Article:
My August Wild Garden challenge was to revive the wormery. Worms are excellent recyclers, turning dead plant material into wonderful compost and liquid fertiliser. I set up a three-tiered wormery in my garden years ago, for fruit and vegetable waste from the kitchen. But it fell into neglect after the council started a food waste collection, as it was easier to put all the food waste in one place, rather than separating out acidic and fishy/meaty waste from the worm-tasty other stuff.
Having had to buy lots of compost this year, it’s struck me that it just doesn’t make sense for me to send away good worm food for the council to compost, and then pay for and transport commercial compost. It was time to get the wormery going again.
I was trepidatious about what I would find when I lifted the lid from the long-neglected wormery. But what I found was a pleasant surprise. The bottom layer had beautiful, fine textured, non-smelly compost ready to go on the garden.
My first task was to get the few remaining worms in that layer out of that compost, and into the less digested layer. I did that by leaving the lid off for a while, then, once the worms had dug down a bit to escape the light, scooping of the top bit of compost, and repeating the process until the tray was empty, the worms rehomed, and the herbs and flowers given a compost treat.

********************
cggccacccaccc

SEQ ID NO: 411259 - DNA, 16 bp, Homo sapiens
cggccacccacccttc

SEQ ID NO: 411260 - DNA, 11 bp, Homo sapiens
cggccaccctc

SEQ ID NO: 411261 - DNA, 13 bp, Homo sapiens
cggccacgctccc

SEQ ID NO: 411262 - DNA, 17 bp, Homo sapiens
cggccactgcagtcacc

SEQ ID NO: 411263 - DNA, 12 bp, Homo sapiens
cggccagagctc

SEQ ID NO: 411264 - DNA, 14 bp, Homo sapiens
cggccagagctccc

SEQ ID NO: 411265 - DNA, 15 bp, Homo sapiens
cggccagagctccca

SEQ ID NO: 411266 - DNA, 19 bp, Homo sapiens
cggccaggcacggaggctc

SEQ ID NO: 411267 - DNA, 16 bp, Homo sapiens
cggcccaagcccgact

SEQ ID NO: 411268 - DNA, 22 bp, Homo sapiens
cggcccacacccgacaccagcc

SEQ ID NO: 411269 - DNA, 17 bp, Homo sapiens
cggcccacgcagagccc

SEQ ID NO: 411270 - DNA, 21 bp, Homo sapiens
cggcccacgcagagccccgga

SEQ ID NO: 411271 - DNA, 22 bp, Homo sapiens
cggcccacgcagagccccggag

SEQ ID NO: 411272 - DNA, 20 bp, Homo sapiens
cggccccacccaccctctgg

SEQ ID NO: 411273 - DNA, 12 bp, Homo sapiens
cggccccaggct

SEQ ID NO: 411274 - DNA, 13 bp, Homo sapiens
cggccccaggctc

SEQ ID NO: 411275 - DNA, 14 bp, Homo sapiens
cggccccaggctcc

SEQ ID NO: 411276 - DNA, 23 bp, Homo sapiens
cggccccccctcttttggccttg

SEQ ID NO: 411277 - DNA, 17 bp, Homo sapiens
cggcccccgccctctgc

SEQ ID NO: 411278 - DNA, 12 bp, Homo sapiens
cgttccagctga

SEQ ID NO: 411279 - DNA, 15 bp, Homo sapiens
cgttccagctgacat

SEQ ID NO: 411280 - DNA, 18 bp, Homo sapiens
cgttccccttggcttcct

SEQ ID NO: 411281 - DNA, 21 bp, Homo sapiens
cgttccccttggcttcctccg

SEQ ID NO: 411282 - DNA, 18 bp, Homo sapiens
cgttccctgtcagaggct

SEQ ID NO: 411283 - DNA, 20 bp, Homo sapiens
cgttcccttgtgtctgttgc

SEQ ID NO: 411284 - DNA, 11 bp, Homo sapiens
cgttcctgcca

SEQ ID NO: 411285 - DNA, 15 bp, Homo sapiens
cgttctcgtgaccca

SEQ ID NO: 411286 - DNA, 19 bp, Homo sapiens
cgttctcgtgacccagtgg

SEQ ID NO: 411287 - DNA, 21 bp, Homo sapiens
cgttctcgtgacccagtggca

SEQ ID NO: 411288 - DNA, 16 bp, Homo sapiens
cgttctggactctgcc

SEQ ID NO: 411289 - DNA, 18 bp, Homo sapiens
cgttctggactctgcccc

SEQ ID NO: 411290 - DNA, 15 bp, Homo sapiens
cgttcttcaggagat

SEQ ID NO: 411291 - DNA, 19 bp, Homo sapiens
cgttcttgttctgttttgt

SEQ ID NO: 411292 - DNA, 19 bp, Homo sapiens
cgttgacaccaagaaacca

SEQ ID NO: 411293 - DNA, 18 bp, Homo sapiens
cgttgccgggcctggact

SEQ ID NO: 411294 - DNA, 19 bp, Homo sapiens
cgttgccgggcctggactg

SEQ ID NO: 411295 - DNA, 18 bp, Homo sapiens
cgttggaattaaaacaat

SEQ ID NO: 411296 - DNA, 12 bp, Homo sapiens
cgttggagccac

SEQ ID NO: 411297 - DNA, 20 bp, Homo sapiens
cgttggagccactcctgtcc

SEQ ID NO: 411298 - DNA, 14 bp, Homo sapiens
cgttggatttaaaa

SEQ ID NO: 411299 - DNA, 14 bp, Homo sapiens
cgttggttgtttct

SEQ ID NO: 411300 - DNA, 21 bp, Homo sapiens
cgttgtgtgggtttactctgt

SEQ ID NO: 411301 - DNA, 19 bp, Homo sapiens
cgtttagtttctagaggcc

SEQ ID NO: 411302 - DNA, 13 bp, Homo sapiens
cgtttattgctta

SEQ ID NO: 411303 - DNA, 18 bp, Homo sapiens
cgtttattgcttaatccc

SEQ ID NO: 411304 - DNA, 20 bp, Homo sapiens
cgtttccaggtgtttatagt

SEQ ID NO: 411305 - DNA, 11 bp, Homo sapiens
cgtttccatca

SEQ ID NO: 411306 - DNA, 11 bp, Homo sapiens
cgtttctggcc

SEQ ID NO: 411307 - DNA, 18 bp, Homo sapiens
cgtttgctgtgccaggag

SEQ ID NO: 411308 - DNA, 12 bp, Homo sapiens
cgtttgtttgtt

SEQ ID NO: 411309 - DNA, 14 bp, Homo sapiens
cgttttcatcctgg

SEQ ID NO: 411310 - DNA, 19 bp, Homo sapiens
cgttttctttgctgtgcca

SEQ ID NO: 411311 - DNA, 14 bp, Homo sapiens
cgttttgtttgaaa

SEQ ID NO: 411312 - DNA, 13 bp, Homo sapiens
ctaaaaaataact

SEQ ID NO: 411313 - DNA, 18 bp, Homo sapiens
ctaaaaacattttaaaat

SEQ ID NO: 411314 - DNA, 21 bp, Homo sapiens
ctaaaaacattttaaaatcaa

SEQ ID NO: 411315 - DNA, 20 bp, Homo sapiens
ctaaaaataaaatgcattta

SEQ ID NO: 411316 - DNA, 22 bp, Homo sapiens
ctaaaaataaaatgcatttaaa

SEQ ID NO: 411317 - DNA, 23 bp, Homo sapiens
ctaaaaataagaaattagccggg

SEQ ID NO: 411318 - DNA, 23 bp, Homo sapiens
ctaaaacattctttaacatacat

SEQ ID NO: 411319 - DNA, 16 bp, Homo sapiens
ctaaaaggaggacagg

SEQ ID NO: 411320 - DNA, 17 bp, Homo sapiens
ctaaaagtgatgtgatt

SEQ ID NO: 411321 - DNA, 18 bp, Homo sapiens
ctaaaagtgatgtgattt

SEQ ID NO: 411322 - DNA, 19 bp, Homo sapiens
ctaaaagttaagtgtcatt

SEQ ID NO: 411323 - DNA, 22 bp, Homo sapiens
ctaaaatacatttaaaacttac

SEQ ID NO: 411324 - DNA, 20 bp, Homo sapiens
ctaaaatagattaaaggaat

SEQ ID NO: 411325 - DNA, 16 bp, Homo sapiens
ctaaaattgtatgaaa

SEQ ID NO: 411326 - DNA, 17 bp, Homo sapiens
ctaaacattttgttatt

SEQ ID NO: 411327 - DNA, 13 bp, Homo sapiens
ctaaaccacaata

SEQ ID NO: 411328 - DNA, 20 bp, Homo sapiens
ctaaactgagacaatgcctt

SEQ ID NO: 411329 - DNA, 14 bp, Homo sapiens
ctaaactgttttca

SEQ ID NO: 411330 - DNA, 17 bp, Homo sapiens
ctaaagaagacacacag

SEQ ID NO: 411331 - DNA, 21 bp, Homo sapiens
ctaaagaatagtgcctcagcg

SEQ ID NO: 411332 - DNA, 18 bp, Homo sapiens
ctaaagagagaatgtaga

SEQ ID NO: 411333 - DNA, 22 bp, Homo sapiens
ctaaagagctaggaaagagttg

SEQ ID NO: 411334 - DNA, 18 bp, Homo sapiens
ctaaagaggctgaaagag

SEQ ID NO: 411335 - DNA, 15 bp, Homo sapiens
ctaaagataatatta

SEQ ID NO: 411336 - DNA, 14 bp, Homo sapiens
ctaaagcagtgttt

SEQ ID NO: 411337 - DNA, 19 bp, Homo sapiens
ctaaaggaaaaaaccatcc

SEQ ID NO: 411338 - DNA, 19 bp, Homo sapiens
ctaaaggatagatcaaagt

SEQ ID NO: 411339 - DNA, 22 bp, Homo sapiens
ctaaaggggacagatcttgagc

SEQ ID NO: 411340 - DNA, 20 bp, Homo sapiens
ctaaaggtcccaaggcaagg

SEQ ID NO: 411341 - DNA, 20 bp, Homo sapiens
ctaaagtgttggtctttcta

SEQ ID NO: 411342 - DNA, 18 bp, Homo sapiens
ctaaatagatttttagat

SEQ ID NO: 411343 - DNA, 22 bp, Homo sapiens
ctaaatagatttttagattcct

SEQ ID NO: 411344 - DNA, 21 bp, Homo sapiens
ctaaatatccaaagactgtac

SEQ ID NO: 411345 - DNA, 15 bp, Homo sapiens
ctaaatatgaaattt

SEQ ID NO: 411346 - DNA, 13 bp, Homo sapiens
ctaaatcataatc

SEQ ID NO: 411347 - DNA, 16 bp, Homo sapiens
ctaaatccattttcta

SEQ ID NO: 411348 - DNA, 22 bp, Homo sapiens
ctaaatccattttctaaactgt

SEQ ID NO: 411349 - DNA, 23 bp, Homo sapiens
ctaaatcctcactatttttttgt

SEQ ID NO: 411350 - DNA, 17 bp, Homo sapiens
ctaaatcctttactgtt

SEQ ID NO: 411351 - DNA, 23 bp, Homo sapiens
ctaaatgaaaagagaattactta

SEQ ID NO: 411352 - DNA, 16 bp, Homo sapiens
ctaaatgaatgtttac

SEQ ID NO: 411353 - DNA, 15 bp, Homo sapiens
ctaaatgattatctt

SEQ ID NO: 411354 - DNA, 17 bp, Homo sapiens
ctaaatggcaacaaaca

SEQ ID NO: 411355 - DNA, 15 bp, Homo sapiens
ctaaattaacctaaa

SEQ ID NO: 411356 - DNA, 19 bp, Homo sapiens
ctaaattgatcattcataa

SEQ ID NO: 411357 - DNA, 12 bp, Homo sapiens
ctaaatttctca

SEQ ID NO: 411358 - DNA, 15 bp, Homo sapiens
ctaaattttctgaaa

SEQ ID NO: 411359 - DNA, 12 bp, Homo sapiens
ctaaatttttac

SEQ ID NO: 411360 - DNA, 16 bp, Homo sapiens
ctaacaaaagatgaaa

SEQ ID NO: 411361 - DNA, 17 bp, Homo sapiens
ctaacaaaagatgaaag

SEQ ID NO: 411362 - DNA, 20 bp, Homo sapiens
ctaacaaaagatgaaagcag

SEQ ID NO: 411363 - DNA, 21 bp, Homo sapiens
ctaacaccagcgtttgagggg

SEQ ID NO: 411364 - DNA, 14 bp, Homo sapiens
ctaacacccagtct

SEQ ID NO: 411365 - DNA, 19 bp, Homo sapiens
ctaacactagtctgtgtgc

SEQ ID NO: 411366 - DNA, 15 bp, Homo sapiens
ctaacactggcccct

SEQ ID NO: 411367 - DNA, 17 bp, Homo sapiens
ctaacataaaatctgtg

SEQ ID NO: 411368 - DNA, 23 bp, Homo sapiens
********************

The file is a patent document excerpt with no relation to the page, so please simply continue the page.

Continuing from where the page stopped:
As there were few worms left, to really get the wormery producing quickly I decided to add some reinforcements. There are various companies online that will send you worms via an unsuspecting delivery driver. I bought mine along with a block of coir as bedding, some worm treats and some lime pellets, to keep the compost at a worm-friendly neutral or slightly alkaline ph.
Once the coir block had been soaked, I added it and the worms to an empty wormery tray, together with some worm treats. I will add food waste gradually, until they get into their swing.
For the tray of almost ready compost, which has the remainder of the original worms (well, their descendents), I added some lime pellets and worm treats. Once they’ve finished work in that layer they can join the newbies in the tray above.
Hopefully this time I can keep the wormery going well. This will reduce the carbon cost of transporting some of my food waste to the council composting facility, and reduce my compost and fertiliser bill. I will give it my best shot.